Paul Breloff, managing director of Venture Lab, a fund with $10 million… (Jeffrey MacMillan/Capital…)
The philanthropic organizations and foundations that make up Washington’s massive nonprofit sector are borrowing lessons from the business plans of their for-profit counterparts as they look to fulfill social missions and achieve financial sustainability.
Those dual objectives may have once seemed contradictory. Nonprofits have long been characterized as the bleeding hearts of the economy, forgoing the benefits of big profits, or any profits at all, for the sake of helping society’s less fortunate.
But now some grant-making institutions have begun to experiment with financial mechanisms such as loans and equity investments that require nonprofits or socially minded businesses to repay the money over time through returns.
The practice, called impact investing, necessitates that those organizations generate revenue — and yes, turn a profit — without losing sight of the altruism that has long been their key differentiator and the impetus for nonprofits’ tax-exempt status.
“I would say the entire nonprofit community is moving beyond a frame of charity,” said Chuck Bean, executive director of The Nonprofit Roundtable of Greater Washington, who while supporting the idea sees potential obstacles. “When nonprofits talk to their funders, they need to make the case for investment not just because it pulls on the heartstrings, but because there’s a social return on investment.”
Financial impactAccion International is a nonprofit that makes equity investments in for-profits through District-based Venture Lab. The fund was formed in April to dole out $10 million to upstarts in developing countries that help the poor gain access to financial services.
Paul Breloff, the fund’s managing director, said that’s a tactic that has come with some controversy. But the decision to invest in for-profits, rather than other nonprofits, does not reflect a judgment that one model is more effective than another, he said.
“We invest entirely because we believe in the social mission [of the companies] and we believe this is the most efficient way to grow these initiatives and grow the outreach into these underserved populations,” Breloff said.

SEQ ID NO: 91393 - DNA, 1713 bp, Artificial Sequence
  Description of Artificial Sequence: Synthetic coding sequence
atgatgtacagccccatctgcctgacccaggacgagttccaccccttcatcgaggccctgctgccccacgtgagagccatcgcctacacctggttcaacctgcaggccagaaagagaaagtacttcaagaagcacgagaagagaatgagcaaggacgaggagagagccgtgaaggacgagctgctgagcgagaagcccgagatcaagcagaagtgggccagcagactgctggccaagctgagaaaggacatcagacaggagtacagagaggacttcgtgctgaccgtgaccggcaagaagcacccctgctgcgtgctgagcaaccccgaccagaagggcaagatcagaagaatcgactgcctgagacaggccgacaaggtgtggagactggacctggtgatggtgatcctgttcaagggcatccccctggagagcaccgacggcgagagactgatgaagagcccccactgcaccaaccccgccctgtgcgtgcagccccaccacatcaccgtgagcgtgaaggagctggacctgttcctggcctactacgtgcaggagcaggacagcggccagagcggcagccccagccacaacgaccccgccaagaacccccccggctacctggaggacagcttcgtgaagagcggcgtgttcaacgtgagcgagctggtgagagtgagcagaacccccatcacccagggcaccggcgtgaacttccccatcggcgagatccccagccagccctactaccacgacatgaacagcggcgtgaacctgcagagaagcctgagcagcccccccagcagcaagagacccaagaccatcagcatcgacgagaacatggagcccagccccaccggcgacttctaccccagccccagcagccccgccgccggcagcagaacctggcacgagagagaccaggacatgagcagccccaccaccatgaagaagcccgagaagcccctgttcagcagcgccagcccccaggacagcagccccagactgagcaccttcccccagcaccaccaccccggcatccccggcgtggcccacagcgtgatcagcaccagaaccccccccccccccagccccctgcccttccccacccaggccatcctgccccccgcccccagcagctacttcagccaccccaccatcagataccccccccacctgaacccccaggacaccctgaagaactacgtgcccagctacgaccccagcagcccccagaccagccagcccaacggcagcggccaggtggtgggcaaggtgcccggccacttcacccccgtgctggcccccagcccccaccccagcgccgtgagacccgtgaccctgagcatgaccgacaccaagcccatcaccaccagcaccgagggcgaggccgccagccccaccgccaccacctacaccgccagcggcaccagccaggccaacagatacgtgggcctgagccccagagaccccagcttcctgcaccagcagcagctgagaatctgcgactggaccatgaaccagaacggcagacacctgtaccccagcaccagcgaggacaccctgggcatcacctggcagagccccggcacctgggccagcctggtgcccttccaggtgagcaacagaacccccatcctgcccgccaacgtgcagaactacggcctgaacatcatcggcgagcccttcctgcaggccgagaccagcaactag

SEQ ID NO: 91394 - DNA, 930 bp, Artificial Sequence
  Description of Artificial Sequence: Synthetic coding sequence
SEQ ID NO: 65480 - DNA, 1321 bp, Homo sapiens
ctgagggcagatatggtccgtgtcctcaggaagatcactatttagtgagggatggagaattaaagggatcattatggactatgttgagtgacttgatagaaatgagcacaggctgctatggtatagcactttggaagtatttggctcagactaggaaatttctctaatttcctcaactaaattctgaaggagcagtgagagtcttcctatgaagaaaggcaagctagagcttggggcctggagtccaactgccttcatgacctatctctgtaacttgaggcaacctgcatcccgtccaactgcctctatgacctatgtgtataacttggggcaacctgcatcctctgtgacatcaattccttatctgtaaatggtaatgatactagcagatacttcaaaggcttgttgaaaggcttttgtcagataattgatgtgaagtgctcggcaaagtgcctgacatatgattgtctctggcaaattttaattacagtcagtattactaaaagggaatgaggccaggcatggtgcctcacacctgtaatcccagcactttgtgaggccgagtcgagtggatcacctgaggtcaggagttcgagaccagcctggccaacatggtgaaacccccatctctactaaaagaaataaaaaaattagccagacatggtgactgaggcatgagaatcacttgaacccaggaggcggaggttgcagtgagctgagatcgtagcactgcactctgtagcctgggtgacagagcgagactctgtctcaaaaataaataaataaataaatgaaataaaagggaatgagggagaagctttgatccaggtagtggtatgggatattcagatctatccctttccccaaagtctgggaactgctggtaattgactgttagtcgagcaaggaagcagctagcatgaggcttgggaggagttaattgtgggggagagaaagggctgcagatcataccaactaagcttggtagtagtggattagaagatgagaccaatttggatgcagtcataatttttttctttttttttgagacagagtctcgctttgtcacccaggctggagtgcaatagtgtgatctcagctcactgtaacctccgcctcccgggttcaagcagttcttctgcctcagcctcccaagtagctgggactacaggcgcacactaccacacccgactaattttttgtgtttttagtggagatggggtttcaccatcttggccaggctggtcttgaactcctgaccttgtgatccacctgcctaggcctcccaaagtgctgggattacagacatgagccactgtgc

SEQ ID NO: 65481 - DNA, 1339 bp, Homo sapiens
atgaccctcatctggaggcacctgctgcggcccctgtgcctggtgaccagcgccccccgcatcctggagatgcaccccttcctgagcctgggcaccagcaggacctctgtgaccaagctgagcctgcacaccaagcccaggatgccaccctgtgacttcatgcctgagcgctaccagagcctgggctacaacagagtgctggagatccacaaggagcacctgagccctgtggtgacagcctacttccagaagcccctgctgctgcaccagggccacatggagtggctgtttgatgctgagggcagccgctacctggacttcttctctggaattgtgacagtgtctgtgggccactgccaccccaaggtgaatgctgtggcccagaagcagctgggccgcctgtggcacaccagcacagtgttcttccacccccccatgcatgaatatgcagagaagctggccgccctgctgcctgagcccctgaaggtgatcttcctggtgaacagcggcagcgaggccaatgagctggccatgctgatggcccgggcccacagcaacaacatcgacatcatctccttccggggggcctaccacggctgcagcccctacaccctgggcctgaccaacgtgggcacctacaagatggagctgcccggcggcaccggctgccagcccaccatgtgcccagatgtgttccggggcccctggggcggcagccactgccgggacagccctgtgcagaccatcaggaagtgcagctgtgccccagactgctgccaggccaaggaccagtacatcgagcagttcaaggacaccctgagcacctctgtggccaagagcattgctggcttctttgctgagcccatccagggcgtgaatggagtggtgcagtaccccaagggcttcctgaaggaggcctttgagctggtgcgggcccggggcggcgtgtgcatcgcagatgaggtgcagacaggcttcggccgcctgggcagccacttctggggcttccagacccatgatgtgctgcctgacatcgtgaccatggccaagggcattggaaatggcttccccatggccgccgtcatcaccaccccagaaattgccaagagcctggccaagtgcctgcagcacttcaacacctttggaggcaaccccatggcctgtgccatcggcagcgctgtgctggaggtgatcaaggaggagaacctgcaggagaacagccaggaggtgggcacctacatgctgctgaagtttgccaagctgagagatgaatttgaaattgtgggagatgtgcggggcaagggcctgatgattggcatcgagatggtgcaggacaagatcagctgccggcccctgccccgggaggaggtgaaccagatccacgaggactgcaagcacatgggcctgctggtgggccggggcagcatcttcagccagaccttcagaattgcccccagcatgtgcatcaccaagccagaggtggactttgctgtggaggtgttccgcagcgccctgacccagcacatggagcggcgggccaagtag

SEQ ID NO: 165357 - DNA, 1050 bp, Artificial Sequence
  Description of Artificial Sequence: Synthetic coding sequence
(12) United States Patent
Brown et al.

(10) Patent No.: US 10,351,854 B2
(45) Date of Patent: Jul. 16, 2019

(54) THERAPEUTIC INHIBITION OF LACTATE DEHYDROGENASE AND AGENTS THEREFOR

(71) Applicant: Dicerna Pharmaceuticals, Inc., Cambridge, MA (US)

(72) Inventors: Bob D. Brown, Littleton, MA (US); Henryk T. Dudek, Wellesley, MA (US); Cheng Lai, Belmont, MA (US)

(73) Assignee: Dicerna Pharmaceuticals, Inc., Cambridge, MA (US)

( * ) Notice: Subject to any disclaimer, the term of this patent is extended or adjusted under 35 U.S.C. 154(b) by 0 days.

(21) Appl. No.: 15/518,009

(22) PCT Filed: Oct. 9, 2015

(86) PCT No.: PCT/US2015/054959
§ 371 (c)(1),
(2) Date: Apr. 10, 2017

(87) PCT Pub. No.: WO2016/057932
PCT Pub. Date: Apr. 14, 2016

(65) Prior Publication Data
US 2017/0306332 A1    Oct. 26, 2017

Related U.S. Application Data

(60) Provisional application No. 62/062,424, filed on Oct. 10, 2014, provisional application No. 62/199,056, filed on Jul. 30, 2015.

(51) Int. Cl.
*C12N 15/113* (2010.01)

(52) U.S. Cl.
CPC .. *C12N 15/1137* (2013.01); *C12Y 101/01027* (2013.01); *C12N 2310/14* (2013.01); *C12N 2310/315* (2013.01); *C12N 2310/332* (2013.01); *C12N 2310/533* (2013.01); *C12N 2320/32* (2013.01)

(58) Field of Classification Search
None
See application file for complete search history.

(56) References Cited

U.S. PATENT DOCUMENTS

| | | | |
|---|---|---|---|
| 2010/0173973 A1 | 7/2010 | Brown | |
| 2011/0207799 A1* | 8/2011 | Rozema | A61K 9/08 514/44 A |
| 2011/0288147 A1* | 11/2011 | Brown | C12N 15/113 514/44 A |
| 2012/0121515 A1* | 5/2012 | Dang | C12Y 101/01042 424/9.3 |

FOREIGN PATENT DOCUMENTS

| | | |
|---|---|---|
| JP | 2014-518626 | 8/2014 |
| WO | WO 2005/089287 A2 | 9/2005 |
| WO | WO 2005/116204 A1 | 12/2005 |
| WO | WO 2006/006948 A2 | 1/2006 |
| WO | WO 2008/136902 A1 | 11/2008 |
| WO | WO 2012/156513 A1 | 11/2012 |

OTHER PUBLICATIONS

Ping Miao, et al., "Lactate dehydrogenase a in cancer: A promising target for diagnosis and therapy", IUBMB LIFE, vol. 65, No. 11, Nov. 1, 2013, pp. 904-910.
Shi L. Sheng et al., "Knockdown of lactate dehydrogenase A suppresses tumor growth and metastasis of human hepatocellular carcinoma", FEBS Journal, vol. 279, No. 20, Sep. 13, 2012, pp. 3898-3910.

So far that’s proven effective. The $10 million that Breloff has been given to invest was actually reaped from prior investments in socially minded companies that have gone on to find success, he said.
Some organizations are taking a similar approach to nonprofits using loans.
The Bethesda-based Calvert Foundation extended its first loans to capital-seeking nonprofit organizations and community groups in 1995, often offering lower interest rates, longer repayment time lines or other terms more favorable than a private bank.
The group’s funding comes in part from a community investment note that individuals and corporations can purchase as part of their investment portfolio, meaning the nonprofit must scrutinize deals to find those that all but guarantee tangible returns, said Lisa Hall, president.
“In the early days of Calvert Foundation, we used to get criticized [that we’re] cherry-picking the best deals. My response to that is, ‘Yea, that’s the point. We’re investing in deals that are going to raise money’,” Hall said.
“That is one of the challenges in our work of impact investing, to make sure you’re investing in things where there is a clear earned revenue model and where there is a track record,” Hall said.
The Calvert Foundation typically invests in groups that have evidence of good operating performance, at least $5 million in total assets and experience repaying debt capital, among other criteria.
But skeptics contend that emphasis on financial return renders some organizations, and perhaps entire social causes, ineligible for impact investments because the communities they serve may not have the purchasing power to yield profits.
“In my mind [impact investing] presumes that usually the user can have some ability to pay for the service, otherwise I’m not sure where the scalability comes from,” said Bean, who worries impact investing may not be accessible for all organizations. “I’m not sure if impact investing could solve chronic homelessness or could be employed in juvenile justice to reduce recidivism.”
Business of nonprofitsLast summer it seemed that District-based Groundswell was hitting its philanthropic stride. The nonprofit, which negotiates on behalf of neighborhoods and community groups for lower rates on renewable energy, was brokering its second deal.
But its funding had run aground. Several grants and a performance contract that the fledgling nonprofit had previously lined up fell through as the granting institutions encountered their own financial hardship.
“We were growing, but your financial stability doesn’t grow with it as a nonprofit,” Executive Director Will Byrne said. “They’re almost separate.”